Emperor’s Faust: A Life Forever Changed by a Single Night

Some stories have no heroes, only shades of grey. In a Lillehammer park, a man died under Faust’s knife, putting the drummer and the black metal community into an uncomfortable spotlight.

Bård Guldvik “Faust” Eithun
Bård Guldvik “Faust” Eithun
Key Takeaways
  • Faust, drummer for Emperor, killed Magne Andreassen in 1992 after a sexual proposition, resulting in 37 stab wounds.
  • Arrested in 1993, Faust was sentenced to 14 years in prison but was released in 2003 after serving nine years.
  • Post-prison, Faust rejoined Emperor and other bands, but his violent past continues to cast a shadow over his career.

Dark Turn in 1992

Born Bård Guldvik Eithun on a spring day in 1974, Faust would go on to make a name for himself as a drummer for Emperor, one of black metal’s most revered bands. A key player from 1992 to 1994, Faust later reappeared on stage for a brief period from 2013 to 2014. But it’s not all about beats and blast rolls for this Norwegian musician.

Faust, visiting family, crossed paths with Magne Andreassen, a 43-year-old gay man.

On August 21, 1992, the world had yet to associate Lillehammer, Norway, with the 1994 Winter Olympics. But in the small town’s Olympic Park, another chilling event was unfolding. Faust, visiting family, crossed paths with Magne Andreassen, a 43-year-old gay man. When Andreassen made a sexual proposition, Faust responded in the most brutal way possible.

Andreassen suffered 37 stab wounds at the hands of Faust and died. Faust then made a hasty exit, leaving behind a scene that would cast a long shadow over his career and the black metal community.

Arrest and Time Behind Bars

The curtain fell on the unsolved crime months later when Faust was arrested in 1993. In a disturbing twist, Faust confessed, saying he committed the murder on an impulse, driven by a morbid curiosity. Fast forward to 1994, and Faust found himself sentenced to a 14-year prison term.

Faust confessed, saying he committed the murder on an impulse.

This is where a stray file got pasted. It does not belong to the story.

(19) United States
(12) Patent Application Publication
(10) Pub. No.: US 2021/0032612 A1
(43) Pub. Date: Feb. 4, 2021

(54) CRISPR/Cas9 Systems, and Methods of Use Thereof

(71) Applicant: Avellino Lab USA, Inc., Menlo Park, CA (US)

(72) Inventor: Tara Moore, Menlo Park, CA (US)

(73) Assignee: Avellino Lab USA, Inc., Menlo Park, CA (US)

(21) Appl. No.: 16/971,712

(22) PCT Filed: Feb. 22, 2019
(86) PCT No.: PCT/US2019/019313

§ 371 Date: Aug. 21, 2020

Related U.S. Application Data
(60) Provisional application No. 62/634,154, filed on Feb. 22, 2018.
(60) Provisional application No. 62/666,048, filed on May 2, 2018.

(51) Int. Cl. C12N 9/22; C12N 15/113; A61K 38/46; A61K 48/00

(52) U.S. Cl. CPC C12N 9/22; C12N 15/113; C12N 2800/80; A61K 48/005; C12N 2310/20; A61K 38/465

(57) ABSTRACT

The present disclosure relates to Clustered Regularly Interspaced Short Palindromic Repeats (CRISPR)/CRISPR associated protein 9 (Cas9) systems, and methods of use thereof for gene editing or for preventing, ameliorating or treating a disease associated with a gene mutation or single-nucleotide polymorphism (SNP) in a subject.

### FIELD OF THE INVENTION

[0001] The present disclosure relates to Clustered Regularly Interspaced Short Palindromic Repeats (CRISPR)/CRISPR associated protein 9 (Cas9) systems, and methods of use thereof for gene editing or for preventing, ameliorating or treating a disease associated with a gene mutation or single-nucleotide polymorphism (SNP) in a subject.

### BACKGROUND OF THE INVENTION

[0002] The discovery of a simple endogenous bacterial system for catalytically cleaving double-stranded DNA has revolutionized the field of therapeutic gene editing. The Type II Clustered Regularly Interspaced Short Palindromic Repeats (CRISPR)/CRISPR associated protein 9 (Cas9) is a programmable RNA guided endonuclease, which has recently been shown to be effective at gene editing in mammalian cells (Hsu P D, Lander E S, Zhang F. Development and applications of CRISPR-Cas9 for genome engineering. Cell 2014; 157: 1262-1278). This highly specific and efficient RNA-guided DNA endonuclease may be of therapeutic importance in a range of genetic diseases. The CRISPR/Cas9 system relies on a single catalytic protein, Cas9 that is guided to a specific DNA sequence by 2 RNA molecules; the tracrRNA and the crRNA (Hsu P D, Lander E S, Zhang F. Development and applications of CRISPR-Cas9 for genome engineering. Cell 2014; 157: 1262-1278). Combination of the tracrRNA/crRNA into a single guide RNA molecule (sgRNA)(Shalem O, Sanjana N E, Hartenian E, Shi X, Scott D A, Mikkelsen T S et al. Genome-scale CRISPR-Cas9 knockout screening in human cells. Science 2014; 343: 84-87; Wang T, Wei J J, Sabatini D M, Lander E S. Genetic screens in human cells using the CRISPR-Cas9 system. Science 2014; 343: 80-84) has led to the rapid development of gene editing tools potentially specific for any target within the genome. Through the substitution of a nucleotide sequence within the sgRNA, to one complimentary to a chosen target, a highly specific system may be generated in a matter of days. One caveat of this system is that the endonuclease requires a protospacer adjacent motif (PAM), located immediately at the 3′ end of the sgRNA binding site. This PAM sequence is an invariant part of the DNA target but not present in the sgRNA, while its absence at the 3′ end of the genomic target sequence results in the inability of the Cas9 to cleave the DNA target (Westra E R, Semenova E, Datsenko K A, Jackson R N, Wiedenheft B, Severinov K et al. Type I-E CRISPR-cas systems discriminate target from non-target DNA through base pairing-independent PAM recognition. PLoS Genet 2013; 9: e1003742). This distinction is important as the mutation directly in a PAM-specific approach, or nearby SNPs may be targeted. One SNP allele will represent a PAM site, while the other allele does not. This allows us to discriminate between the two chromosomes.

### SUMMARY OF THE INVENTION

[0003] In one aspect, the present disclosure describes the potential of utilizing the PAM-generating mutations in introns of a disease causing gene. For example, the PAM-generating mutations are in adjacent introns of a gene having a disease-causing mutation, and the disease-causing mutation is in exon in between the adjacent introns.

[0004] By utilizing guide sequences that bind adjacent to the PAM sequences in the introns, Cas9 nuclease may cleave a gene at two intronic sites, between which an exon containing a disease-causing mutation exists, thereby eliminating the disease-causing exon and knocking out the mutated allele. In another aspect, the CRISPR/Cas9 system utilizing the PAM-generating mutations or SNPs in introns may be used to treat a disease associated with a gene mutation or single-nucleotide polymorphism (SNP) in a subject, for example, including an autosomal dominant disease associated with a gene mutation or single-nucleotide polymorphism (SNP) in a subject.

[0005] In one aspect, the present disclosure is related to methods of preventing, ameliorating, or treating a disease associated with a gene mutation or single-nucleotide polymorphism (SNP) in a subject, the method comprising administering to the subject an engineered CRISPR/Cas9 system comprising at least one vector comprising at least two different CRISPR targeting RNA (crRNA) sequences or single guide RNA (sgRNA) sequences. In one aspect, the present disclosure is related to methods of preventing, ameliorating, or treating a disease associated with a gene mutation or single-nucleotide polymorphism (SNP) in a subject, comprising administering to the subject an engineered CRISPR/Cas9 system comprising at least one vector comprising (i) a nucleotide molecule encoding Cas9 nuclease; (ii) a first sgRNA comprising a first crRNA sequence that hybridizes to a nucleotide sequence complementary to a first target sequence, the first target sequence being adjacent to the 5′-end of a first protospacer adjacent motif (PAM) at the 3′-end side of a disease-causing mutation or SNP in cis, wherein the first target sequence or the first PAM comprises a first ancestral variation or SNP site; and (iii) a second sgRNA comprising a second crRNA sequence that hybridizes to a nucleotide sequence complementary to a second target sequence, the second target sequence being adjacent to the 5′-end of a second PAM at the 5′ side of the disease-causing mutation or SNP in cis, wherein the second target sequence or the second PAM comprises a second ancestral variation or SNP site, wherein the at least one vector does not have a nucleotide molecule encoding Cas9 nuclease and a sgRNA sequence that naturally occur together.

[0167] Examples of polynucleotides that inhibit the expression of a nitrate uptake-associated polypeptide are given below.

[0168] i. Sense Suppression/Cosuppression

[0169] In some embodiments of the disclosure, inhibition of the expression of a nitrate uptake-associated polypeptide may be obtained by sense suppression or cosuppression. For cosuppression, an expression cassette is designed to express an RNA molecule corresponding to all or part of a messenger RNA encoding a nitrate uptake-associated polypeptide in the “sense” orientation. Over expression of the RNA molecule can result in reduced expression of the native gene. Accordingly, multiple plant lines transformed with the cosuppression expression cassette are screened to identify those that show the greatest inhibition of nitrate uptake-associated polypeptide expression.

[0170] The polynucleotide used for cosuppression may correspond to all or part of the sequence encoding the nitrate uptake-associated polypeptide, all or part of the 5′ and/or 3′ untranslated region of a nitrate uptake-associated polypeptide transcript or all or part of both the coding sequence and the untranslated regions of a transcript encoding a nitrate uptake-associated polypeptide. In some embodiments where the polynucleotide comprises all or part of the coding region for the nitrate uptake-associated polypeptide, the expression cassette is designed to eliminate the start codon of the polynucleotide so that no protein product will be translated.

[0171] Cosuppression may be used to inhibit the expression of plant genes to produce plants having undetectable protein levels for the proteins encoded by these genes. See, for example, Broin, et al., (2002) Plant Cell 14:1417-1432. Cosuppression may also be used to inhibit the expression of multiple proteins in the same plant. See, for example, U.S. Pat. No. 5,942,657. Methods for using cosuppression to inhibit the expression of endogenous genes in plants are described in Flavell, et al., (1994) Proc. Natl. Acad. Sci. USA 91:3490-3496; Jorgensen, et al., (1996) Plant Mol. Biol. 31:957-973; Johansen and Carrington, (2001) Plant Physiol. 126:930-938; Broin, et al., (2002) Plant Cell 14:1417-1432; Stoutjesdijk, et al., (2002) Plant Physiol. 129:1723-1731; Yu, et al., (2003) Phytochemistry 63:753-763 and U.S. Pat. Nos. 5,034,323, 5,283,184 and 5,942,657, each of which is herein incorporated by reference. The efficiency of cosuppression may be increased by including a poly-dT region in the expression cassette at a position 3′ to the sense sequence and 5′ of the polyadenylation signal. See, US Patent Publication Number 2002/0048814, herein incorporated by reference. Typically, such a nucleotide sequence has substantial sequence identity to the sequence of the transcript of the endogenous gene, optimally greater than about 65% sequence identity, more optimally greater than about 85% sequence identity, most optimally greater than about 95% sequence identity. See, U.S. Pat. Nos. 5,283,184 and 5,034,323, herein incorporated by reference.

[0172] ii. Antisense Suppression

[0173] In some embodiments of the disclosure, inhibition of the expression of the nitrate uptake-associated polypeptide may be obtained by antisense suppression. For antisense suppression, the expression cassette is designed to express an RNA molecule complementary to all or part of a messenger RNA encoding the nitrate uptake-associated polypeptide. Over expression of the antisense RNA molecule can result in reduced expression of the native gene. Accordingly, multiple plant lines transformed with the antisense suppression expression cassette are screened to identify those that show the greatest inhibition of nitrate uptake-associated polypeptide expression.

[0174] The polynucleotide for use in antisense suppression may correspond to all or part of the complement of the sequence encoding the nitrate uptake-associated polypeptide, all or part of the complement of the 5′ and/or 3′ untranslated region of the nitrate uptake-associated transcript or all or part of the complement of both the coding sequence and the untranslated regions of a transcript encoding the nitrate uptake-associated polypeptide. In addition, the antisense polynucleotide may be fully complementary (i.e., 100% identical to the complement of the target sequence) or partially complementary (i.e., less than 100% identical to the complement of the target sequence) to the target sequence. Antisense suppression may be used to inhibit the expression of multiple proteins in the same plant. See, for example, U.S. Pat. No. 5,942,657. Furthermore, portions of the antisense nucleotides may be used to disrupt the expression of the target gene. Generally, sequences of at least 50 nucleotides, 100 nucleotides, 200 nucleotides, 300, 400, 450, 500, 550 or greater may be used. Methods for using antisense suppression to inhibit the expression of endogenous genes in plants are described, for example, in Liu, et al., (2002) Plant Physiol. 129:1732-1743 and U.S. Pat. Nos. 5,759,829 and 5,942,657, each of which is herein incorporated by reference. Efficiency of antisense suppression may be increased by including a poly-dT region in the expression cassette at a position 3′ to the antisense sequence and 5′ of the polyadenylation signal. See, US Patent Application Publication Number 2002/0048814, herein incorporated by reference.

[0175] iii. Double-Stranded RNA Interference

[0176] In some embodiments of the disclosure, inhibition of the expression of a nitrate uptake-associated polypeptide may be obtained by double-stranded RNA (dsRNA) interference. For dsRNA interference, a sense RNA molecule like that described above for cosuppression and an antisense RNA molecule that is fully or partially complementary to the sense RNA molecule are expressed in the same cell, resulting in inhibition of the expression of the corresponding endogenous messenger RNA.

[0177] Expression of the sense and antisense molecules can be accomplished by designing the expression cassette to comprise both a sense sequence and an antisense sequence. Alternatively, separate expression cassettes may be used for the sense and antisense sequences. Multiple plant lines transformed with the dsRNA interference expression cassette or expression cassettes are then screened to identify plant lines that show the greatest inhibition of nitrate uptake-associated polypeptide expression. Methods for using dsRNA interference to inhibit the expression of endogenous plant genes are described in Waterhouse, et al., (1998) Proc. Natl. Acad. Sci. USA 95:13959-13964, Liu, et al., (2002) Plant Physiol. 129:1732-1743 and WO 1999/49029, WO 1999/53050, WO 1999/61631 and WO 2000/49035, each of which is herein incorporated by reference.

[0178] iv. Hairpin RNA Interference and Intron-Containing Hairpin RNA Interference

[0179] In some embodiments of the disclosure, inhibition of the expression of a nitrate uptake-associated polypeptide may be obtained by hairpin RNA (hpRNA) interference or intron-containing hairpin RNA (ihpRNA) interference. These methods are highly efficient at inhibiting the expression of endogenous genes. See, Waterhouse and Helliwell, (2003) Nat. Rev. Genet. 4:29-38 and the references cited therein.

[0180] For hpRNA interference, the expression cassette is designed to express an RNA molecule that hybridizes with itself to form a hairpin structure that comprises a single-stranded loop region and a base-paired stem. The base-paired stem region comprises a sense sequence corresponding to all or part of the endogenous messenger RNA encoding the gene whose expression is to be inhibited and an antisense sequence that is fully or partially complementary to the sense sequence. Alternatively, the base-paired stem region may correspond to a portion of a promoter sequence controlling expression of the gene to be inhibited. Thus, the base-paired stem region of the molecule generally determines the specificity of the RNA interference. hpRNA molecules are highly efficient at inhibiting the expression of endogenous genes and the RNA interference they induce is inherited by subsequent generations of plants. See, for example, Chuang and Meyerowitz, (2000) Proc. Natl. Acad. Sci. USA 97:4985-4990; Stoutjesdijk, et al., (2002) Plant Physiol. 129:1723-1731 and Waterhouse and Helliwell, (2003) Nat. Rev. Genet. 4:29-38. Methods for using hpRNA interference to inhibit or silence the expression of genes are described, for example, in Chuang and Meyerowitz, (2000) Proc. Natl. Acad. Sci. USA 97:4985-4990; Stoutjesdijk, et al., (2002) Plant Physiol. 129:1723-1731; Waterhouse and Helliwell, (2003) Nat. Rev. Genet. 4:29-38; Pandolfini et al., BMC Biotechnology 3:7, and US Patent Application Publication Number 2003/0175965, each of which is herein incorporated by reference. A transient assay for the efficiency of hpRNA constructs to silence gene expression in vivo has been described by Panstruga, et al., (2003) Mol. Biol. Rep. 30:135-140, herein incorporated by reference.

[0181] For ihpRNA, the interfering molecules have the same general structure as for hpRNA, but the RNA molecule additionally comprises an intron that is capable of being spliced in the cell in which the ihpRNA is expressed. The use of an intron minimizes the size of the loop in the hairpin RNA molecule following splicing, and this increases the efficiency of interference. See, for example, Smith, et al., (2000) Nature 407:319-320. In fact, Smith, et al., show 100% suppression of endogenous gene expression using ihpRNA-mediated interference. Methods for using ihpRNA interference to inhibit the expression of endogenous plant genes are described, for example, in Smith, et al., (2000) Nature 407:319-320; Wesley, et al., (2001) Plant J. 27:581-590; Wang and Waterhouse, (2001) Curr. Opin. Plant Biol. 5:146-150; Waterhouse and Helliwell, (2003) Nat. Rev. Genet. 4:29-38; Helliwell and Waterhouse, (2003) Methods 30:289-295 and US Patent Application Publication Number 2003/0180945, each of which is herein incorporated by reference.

After showing good behavior behind bars, Faust walked out a free man in 2003, having served just nine years. Not everyone welcomed him back with open arms. While some saw this as Faust’s shot at redemption, others couldn’t get past the fact that a convicted murderer was rejoining society and questioned the morality of it all.

Music Journey Post-Prison

The gates of prison swung open for Faust in 2003, but did society’s doors open as well? One would think a murder conviction could be a career-ender, but not for Faust. He rejoined Emperor for reunion gigs and even explored new territories with bands like Scum and Blood Tsunami.

There’s no erasing the past, though. The dark cloud of his violent actions still hovers, sometimes dimming the spotlight on his musical endeavors.

Prison was more than a timeout corner for Faust. In interviews, he’s painted those nine years behind bars as a period of soul-searching. He’s called his actions regrettable, labeling them as impulsive and senseless.

A Dark Note in Norwegian Black Metal

When it comes to the Norwegian black metal scene, you might say it’s a realm where fire meets ice—burned churches and icy stares, that is. Faust’s 1992 incident only adds another layer of complexity to a genre already marred by rebellion and controversy. He’s been quick to clarify that his crime was not fueled by ideology, racism, or homophobia. Rather, it was a senseless act, one he now looks back on with regret.

However, let’s not kid ourselves. The incident remains a grim stain on black metal’s already tarnished tapestry. While Faust may be back behind the drum set, he’s still under the shadow of his own actions, a shadow that stretches across the entire genre.